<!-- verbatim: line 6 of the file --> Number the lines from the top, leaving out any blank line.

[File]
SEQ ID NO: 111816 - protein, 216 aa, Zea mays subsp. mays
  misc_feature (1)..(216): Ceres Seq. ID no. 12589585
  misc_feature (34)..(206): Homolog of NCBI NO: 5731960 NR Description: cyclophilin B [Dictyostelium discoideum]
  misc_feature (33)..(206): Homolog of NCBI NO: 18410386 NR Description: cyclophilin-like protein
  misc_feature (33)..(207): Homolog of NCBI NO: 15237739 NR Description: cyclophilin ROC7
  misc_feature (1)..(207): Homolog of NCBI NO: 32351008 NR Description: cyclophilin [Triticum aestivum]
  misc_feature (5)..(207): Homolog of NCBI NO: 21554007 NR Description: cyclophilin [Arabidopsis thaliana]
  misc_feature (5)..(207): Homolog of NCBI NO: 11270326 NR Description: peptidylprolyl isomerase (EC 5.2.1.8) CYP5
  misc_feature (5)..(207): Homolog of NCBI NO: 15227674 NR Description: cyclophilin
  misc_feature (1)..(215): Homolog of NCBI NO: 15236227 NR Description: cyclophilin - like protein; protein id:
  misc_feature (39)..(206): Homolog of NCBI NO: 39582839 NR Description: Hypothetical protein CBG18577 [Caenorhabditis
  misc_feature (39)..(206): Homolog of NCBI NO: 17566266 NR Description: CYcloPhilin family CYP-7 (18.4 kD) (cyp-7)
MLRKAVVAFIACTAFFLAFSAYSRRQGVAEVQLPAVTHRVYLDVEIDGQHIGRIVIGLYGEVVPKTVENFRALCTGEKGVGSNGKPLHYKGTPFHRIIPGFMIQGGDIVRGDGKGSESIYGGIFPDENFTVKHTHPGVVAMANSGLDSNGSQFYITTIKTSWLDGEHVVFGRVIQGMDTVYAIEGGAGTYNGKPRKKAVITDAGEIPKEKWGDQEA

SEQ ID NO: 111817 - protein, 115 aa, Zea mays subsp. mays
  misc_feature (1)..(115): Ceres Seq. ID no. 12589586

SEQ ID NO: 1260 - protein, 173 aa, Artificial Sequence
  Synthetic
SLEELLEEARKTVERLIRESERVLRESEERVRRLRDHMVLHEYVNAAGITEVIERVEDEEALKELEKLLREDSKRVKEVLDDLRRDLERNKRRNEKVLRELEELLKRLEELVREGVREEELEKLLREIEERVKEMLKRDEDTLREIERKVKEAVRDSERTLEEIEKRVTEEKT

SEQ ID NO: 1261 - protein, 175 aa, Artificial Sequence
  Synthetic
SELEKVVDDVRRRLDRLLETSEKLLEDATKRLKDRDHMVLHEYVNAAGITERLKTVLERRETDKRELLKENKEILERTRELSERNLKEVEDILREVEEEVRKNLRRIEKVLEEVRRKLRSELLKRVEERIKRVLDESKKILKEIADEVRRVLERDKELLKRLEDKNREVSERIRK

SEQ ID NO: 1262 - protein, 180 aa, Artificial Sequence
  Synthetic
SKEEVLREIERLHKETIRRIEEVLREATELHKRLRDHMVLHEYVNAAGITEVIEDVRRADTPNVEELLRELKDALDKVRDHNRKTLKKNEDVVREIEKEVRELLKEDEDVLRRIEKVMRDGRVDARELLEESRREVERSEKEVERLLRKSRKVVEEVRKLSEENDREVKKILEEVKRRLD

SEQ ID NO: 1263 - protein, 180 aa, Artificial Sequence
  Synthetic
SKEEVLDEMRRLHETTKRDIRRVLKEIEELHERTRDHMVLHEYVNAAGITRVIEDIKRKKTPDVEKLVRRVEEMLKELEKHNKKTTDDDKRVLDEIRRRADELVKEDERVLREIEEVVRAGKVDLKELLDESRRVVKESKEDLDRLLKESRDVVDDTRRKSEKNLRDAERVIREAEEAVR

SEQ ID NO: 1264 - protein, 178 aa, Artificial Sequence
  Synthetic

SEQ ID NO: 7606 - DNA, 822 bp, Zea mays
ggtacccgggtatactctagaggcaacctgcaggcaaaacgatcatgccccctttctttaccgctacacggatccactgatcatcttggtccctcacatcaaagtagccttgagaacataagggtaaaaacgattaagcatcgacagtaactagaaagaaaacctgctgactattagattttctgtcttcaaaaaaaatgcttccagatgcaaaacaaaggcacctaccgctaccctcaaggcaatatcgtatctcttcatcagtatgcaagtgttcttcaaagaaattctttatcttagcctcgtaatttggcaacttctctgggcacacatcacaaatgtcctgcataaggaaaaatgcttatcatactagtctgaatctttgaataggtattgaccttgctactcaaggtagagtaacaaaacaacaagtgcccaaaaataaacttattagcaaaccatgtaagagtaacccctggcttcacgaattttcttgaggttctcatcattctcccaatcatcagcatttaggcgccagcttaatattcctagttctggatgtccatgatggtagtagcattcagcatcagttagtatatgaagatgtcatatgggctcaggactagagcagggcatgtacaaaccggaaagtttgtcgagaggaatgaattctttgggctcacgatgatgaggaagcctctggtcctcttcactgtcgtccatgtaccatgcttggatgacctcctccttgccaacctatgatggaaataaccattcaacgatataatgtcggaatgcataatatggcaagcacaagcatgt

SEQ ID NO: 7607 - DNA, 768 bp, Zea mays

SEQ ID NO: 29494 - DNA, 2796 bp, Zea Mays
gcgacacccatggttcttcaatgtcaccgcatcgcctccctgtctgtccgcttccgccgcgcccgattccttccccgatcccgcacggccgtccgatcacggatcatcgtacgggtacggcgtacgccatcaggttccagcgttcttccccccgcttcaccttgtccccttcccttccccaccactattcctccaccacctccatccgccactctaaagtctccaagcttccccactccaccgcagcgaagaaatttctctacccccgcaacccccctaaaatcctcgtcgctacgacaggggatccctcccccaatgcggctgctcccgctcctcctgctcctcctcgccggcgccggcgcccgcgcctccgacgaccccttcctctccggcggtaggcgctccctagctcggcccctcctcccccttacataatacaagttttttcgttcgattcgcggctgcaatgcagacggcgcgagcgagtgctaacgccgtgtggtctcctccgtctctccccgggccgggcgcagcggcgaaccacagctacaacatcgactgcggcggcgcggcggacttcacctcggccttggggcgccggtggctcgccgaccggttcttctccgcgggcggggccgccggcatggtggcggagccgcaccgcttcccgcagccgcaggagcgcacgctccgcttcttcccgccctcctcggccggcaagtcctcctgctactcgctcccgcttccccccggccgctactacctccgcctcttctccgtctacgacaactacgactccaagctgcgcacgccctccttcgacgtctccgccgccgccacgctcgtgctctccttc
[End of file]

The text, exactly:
  misc_feature (1)..(207): Homolog of NCBI NO: 32351008 NR Description: cyclophilin [Triticum aestivum]